I’ll be targeting local magazines in the coming week. US magazines and newspapers the week after. The UK after that. Still haven’t figured out how to take on the running community full force.

Will be making an appearance on Feb 26 at MPH bookstore in Midvalley, where I’ll be talking about my journey as a first time author. Fuel will also be featured at the Readings from Readings book launch on Feb 25. On the writing front, I’ve not started on my second book, but have been contributing articles here and there. The latest to be published was in Bettr Magazine. Lastly, I’ve entered Fuel into the Fourth Annual Amazon Breakthrough Award Competition. Winner gets published by Penguin. One can only dream.

My letter to Rais Yatim

This is the thing about desert rain. Those who experience this rain experience the splendour of a rainbow.

I believe that if you throw enough prayers up in the wind, one will eventually be carried to the right person. One such prayer I had offered up, despite many people telling me it would be longer than a long shot, was a letter to Rais Yatim.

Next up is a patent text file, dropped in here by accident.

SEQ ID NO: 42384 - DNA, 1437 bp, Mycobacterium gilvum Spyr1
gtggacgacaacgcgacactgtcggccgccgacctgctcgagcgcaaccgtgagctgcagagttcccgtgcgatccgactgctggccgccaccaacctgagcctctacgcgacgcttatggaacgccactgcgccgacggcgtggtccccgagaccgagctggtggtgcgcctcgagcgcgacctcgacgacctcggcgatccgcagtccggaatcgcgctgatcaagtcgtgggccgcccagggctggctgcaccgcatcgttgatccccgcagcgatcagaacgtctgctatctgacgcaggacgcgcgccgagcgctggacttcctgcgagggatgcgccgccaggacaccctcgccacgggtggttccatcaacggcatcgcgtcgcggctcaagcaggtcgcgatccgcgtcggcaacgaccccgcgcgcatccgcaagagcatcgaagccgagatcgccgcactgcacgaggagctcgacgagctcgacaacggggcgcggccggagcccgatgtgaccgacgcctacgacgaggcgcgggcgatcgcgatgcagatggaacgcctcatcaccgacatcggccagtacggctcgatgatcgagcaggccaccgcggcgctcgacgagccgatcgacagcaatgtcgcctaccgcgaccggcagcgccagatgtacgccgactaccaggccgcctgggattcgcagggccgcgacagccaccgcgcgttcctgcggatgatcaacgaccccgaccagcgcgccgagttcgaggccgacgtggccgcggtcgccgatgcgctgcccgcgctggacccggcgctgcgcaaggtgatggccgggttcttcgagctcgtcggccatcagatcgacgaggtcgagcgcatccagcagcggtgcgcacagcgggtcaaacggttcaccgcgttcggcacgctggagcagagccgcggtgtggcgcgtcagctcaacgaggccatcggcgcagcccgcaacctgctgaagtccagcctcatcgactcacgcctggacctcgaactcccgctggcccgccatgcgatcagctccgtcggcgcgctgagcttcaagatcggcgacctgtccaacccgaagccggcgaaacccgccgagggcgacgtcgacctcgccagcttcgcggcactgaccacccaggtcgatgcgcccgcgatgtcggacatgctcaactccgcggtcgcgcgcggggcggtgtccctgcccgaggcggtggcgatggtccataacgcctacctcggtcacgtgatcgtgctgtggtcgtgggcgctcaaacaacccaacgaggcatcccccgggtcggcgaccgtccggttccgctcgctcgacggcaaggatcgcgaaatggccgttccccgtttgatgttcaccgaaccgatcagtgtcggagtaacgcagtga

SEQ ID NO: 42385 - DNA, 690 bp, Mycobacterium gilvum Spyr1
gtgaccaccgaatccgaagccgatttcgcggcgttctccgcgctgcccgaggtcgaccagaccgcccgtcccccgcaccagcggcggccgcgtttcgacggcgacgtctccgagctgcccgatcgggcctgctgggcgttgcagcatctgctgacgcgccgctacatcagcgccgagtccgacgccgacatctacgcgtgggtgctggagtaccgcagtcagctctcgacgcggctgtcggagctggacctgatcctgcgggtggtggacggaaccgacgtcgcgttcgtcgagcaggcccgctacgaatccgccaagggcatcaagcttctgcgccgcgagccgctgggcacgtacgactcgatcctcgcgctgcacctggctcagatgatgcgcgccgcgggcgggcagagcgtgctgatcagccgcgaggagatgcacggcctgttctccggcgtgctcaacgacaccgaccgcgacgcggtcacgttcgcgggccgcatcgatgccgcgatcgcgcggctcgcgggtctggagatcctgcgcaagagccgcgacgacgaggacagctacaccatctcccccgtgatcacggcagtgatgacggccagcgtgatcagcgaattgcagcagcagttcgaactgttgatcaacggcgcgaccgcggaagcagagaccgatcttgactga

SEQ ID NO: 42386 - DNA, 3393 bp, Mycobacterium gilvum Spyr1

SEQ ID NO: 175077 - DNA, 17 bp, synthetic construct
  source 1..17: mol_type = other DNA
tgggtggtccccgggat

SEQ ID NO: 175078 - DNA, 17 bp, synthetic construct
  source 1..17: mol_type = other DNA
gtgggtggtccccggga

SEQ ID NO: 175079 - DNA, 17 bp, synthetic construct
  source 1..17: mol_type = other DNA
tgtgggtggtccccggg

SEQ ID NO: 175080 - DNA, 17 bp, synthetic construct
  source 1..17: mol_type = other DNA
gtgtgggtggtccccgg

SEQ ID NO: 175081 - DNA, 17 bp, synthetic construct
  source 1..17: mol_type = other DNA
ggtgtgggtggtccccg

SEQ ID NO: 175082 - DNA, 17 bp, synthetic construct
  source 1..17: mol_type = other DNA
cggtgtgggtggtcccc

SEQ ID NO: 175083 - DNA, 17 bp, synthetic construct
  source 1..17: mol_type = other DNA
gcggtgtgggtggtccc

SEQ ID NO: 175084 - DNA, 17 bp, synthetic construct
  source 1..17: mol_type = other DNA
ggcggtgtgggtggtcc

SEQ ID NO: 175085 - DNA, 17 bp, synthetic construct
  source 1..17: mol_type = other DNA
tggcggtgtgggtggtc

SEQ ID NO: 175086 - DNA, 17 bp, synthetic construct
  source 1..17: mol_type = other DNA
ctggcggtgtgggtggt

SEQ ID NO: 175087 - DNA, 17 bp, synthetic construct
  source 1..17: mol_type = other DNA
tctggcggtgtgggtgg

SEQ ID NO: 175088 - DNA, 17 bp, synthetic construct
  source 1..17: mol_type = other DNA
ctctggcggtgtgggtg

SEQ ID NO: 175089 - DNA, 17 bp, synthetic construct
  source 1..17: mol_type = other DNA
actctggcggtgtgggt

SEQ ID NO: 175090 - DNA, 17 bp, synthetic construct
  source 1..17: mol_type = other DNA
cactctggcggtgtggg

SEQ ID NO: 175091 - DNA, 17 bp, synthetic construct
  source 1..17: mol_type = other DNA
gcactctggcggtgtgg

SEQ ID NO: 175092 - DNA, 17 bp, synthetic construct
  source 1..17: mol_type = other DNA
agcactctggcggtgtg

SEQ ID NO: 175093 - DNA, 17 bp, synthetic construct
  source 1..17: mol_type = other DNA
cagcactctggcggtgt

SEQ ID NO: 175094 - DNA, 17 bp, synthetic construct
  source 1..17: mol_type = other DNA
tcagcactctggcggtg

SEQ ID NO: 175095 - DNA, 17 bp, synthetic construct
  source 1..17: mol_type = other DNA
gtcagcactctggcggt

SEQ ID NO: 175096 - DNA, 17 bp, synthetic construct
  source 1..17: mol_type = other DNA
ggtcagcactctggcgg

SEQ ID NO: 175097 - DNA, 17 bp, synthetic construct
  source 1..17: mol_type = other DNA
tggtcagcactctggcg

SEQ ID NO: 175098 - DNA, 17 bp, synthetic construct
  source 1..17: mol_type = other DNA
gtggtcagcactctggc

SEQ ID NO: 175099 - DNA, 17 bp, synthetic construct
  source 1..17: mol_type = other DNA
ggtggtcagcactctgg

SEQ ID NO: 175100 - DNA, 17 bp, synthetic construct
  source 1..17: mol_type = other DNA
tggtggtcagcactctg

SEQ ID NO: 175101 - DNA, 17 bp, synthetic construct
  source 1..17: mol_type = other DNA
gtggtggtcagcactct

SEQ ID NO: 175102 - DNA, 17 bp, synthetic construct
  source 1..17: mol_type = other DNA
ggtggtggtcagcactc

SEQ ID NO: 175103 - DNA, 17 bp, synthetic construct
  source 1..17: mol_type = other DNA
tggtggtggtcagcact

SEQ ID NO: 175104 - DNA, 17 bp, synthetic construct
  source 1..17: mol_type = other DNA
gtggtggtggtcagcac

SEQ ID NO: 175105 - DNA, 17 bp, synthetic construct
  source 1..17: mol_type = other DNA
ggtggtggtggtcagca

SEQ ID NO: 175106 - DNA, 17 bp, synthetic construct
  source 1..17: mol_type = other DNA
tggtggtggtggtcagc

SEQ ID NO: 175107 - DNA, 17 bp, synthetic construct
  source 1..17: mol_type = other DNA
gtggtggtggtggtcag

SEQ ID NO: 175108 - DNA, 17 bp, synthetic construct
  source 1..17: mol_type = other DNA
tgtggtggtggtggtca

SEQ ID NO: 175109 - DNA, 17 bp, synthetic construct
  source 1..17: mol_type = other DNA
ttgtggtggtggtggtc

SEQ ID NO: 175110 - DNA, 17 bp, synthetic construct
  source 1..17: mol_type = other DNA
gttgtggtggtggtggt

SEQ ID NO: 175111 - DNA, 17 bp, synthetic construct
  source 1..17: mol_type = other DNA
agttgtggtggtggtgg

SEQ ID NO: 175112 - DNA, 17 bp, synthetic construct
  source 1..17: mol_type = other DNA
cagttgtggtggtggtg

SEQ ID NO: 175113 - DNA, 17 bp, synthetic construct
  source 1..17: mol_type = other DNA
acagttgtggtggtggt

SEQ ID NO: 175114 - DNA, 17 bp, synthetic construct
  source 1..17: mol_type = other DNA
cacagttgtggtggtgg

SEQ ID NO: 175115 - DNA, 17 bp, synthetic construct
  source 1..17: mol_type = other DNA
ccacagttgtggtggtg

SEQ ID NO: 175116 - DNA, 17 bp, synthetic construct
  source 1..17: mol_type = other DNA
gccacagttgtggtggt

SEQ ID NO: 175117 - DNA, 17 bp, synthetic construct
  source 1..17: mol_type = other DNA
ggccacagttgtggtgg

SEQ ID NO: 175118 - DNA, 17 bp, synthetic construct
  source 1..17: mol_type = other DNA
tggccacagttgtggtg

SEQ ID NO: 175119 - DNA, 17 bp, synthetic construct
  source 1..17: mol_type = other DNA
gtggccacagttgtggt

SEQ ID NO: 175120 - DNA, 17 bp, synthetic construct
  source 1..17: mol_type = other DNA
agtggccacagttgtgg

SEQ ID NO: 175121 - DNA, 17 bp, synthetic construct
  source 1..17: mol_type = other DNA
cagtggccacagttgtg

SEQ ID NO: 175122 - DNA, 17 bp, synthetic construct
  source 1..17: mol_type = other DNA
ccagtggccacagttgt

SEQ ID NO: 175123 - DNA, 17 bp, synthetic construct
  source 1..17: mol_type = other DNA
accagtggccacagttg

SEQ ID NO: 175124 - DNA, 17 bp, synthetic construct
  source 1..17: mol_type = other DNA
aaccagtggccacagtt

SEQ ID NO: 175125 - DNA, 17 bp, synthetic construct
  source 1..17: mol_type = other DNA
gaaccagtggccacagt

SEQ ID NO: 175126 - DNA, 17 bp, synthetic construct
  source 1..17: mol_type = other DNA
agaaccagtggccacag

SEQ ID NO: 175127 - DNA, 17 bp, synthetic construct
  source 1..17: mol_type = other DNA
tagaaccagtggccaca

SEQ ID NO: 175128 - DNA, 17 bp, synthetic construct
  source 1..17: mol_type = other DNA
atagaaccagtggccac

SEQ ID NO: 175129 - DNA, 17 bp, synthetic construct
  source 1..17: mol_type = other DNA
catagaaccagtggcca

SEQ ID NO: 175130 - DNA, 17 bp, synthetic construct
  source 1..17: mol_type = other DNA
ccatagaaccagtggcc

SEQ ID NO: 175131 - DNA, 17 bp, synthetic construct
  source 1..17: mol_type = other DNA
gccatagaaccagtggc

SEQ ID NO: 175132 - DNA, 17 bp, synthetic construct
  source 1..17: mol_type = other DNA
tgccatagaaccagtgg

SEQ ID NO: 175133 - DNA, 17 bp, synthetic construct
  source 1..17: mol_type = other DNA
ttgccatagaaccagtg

YB Dato’ Seri Utama,

Perkara: Novel FUEL untuk Perpustakaan-Perpustakaan di Malaysia

Dengan hormatnya, inzinkan saya terlebih dahulu melahirkan perasaan kagum saya atas segala yang telah dicapai oleh YB Dato’ Seri dalam mempromosikan tabiat membaca di negara kita ini.

Usaha YB Dato’ Seri sudah tentu akan mendatangkan impak yang positif ke atas negara bagi generasi-generasi yang akan datang, dan menghasilkan negara Malaysia yang lebih progresif.

Saya berbangga menulis surat ini bertujuan memaklumkan YB Dato’ Seri bahawa saya telahpun berjaya menerbitkan sebuah buku yang berjudul FUEL, dan saya berbesar hati menghulurkan YB Dato’ Seri senaskah sebagai hadiah ikhlas daripada saya.

Sekiranya YB merasakan yang buku saya ini ada nilainya, adalah harapan saya agar YB Dato’ Seri mempertimbangkan untuk membekalkannya untuk perpustakaan-perpustakaan di seluruh negara.

Setakat ini buku saya telah mendapat banyak ulasan yang menggalakkan, dan adalah hasrat saya agar setiap warga Malaysia yang mahu membacanya dapat berbuat demikian, namun, sudah tentu ramai di antara mereka mungkin tidak mampu membelinya.